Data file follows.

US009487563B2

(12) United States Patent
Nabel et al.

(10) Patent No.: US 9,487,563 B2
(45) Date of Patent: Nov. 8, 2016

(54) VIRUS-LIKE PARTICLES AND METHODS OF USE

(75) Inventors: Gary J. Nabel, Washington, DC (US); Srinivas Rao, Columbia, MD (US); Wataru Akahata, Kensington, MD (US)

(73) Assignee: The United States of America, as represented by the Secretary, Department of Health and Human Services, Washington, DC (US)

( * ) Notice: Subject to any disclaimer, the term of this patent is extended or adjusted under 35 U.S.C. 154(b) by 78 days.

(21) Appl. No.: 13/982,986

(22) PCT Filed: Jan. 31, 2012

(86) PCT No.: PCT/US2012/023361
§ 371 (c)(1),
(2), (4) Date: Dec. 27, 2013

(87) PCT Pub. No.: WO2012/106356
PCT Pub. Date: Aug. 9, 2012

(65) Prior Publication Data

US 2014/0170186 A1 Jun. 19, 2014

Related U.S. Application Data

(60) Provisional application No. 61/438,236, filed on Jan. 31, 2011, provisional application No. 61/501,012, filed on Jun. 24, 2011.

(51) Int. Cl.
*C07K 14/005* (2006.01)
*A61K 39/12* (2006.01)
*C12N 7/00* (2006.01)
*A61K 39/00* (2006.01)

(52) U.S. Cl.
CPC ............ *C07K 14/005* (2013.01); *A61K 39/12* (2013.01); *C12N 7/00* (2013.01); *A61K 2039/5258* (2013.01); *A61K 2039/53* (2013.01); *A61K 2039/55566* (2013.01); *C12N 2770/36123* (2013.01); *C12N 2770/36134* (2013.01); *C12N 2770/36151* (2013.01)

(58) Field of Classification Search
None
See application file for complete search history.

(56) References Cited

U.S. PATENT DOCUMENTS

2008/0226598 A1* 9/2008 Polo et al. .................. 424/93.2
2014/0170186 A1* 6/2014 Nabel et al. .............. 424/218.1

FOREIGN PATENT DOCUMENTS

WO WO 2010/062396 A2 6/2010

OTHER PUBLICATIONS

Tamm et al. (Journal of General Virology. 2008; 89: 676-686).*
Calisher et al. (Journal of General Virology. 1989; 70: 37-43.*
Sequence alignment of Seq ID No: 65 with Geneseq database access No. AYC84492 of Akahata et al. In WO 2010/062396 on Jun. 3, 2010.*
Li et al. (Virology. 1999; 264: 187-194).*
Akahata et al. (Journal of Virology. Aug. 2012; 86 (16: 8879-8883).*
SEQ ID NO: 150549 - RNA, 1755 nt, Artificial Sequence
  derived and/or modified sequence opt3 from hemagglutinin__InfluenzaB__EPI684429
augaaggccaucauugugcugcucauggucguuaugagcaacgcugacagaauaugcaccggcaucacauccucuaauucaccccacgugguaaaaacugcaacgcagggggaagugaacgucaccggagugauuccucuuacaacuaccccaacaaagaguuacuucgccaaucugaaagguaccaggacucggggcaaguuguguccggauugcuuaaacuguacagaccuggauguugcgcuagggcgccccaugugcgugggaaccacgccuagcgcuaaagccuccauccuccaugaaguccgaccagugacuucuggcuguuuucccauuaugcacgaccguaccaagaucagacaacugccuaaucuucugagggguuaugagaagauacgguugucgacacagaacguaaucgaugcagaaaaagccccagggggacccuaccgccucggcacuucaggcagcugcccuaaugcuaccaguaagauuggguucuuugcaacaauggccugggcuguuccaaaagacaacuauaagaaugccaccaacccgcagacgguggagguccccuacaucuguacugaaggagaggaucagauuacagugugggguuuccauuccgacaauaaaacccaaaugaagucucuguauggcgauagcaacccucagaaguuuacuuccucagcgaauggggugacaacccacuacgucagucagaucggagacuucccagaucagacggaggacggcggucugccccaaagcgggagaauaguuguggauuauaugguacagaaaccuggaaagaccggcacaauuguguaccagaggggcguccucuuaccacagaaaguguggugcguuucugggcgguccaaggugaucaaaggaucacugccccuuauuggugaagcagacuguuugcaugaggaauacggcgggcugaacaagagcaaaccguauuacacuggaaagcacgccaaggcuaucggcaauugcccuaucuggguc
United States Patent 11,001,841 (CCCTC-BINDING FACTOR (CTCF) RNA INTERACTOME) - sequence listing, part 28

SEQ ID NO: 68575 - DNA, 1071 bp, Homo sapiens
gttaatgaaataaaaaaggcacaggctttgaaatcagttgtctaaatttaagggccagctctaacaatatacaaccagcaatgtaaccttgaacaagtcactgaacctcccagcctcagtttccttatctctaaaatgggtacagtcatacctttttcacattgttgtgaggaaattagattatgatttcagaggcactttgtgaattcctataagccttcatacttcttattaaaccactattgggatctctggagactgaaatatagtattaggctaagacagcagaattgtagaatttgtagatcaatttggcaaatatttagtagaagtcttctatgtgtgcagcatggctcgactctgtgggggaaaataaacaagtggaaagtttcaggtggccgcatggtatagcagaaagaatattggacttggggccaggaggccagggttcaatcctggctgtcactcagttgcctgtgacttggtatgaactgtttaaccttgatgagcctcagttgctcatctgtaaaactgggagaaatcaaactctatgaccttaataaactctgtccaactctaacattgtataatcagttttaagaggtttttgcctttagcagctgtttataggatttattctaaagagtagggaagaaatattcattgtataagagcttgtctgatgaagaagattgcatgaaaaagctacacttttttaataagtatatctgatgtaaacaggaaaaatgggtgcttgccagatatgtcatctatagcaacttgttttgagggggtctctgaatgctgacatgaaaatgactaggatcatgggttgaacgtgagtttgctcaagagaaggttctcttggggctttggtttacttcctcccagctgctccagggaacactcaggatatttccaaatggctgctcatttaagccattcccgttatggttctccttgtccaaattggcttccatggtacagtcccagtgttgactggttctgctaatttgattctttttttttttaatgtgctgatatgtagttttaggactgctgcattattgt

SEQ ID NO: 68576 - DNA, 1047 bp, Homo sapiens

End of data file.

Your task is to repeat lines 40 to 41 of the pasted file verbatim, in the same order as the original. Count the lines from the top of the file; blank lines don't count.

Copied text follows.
Sequence alignment of Seq ID No: 65 with Geneseq database access No. AYC84492 of Akahata et al. In WO 2010/062396 on Jun. 3, 2010.*
Li et al. (Virology. 1999; 264: 187-194).*